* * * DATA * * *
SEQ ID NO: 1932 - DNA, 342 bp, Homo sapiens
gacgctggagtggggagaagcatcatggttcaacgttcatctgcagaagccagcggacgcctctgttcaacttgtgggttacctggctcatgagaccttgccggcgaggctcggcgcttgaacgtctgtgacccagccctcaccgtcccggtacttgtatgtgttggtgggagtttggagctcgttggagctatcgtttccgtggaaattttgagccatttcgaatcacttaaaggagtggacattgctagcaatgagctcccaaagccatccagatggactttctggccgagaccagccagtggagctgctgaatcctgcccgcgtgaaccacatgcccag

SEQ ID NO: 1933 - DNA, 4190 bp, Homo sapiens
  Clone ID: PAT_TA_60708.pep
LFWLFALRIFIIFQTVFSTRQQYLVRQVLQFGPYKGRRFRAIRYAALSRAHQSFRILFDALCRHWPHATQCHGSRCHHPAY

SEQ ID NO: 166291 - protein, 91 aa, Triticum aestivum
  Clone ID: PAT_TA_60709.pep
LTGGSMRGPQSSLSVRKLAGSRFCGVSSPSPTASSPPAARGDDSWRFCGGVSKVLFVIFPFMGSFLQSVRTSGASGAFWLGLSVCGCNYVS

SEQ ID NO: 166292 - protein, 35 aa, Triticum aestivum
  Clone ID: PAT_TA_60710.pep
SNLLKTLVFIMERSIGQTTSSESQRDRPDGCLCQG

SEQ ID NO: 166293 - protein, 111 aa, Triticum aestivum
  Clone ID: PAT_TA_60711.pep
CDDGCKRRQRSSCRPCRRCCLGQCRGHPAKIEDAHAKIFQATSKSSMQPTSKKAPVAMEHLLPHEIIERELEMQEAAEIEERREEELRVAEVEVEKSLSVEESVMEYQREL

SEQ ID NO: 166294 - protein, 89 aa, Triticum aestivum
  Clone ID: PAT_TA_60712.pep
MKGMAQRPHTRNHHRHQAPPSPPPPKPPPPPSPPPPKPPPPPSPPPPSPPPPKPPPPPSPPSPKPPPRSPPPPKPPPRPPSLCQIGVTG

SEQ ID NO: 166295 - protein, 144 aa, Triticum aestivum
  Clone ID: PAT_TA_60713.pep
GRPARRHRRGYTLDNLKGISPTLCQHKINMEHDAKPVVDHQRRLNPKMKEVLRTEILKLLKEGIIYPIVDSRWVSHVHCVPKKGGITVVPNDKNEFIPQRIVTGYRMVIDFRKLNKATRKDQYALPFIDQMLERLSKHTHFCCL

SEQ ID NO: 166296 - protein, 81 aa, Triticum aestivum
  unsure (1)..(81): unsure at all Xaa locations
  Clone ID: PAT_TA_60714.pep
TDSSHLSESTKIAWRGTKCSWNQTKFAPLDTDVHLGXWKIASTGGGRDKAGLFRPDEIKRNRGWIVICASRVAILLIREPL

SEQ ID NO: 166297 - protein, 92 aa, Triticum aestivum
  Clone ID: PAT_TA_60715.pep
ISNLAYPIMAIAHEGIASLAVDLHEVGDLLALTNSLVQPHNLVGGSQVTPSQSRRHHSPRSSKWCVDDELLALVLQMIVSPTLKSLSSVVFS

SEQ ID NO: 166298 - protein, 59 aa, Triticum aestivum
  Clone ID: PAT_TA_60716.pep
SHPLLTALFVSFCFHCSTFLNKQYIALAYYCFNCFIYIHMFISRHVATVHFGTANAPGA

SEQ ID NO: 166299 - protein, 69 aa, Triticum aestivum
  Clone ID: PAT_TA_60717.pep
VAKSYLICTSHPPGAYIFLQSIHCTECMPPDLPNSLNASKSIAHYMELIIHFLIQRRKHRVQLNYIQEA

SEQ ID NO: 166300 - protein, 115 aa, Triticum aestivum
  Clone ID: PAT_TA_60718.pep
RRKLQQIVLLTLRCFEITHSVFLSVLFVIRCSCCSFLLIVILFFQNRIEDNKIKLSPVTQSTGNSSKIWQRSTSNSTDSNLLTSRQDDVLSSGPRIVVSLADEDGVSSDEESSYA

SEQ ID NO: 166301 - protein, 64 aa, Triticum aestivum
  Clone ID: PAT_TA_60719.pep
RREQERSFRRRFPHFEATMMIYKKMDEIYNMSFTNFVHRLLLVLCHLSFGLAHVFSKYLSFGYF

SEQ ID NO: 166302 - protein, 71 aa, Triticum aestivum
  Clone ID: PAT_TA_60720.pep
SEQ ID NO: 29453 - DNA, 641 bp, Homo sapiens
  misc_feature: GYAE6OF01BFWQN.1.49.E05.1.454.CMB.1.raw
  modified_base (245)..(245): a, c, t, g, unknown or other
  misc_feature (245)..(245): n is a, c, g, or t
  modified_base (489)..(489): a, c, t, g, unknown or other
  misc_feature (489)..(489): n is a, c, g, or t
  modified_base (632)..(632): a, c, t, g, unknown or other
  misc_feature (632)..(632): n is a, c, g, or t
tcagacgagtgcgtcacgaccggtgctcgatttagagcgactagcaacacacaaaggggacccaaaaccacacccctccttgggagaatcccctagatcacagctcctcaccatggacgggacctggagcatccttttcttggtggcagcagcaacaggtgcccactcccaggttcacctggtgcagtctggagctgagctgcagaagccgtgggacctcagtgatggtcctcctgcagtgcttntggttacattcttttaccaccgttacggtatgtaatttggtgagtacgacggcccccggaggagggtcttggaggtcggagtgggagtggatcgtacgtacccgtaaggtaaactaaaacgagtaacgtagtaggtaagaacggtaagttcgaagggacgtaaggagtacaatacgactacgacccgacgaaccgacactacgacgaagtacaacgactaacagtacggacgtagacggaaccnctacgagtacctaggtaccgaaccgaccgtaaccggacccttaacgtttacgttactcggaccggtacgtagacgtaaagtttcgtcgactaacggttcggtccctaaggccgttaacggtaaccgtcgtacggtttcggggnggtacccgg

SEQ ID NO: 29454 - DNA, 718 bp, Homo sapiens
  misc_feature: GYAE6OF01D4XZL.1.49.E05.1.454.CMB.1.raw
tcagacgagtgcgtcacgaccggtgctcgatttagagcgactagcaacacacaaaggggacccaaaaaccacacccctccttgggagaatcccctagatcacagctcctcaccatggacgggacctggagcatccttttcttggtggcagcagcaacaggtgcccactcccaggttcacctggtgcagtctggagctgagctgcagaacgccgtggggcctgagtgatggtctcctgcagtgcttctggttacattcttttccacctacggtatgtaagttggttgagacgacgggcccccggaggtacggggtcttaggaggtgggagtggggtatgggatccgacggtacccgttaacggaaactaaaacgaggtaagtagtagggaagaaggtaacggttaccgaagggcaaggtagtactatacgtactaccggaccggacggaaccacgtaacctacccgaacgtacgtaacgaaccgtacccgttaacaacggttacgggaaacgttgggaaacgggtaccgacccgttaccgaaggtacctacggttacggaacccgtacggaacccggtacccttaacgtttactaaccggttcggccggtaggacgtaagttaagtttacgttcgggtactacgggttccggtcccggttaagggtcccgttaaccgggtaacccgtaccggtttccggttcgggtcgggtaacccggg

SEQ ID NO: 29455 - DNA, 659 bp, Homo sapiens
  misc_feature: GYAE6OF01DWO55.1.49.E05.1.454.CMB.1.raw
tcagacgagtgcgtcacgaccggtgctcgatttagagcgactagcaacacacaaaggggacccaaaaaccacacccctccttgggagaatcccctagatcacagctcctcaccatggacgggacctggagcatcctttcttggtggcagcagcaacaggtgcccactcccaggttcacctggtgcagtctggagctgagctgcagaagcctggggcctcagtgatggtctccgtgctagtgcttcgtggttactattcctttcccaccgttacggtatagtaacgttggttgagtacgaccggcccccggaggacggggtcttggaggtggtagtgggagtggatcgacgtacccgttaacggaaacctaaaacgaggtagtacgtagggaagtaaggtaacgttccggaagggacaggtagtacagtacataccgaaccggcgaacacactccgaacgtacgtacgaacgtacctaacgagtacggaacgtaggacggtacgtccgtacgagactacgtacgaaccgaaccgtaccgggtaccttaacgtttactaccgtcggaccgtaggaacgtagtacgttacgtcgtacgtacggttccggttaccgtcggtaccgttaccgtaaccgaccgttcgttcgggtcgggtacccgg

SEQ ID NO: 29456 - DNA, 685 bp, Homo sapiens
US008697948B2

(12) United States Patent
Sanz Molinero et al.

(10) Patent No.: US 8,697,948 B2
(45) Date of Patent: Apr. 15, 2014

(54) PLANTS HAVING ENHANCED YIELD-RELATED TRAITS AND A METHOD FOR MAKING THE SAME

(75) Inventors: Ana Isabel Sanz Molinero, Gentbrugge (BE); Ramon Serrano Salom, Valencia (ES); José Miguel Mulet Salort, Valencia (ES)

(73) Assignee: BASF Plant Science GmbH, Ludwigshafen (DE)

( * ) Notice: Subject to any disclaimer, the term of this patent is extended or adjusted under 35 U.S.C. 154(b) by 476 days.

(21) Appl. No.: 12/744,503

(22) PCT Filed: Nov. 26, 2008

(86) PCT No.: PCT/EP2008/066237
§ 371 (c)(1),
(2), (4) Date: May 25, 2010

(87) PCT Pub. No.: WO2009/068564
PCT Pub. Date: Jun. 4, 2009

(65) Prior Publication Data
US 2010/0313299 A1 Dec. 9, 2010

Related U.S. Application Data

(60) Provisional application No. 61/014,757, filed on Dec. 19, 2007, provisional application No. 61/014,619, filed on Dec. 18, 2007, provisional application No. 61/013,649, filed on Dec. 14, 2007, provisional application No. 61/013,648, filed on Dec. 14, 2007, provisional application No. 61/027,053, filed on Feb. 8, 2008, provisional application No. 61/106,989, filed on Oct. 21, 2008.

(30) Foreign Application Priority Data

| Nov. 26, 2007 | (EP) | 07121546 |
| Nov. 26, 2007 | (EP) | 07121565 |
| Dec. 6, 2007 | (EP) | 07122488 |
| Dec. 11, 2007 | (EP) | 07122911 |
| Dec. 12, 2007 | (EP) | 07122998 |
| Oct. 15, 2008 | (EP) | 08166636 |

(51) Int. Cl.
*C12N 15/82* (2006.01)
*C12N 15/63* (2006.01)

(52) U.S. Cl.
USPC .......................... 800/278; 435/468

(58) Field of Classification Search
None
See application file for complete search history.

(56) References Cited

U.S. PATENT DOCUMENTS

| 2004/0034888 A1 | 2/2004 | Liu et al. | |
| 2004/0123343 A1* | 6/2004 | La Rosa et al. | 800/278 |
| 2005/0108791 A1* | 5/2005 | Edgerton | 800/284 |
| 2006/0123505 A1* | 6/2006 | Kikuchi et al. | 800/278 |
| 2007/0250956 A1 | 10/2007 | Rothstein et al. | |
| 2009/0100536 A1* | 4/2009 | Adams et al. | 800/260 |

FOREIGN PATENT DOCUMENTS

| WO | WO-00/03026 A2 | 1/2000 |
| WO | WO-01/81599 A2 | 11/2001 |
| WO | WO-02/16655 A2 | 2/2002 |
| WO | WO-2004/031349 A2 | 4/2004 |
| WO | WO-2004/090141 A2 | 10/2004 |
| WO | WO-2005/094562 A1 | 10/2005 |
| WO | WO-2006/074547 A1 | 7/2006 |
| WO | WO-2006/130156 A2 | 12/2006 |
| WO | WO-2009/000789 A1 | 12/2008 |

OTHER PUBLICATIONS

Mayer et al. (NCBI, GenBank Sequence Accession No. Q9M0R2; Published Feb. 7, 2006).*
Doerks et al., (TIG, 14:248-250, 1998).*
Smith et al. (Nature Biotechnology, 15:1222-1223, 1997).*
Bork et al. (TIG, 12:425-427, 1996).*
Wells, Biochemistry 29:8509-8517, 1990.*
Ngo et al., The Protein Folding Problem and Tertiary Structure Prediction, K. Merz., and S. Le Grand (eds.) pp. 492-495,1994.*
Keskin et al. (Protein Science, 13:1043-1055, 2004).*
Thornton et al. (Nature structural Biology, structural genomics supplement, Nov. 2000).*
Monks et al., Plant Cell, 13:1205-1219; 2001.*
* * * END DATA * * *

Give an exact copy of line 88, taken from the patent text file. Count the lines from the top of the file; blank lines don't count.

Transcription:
(52) U.S. Cl.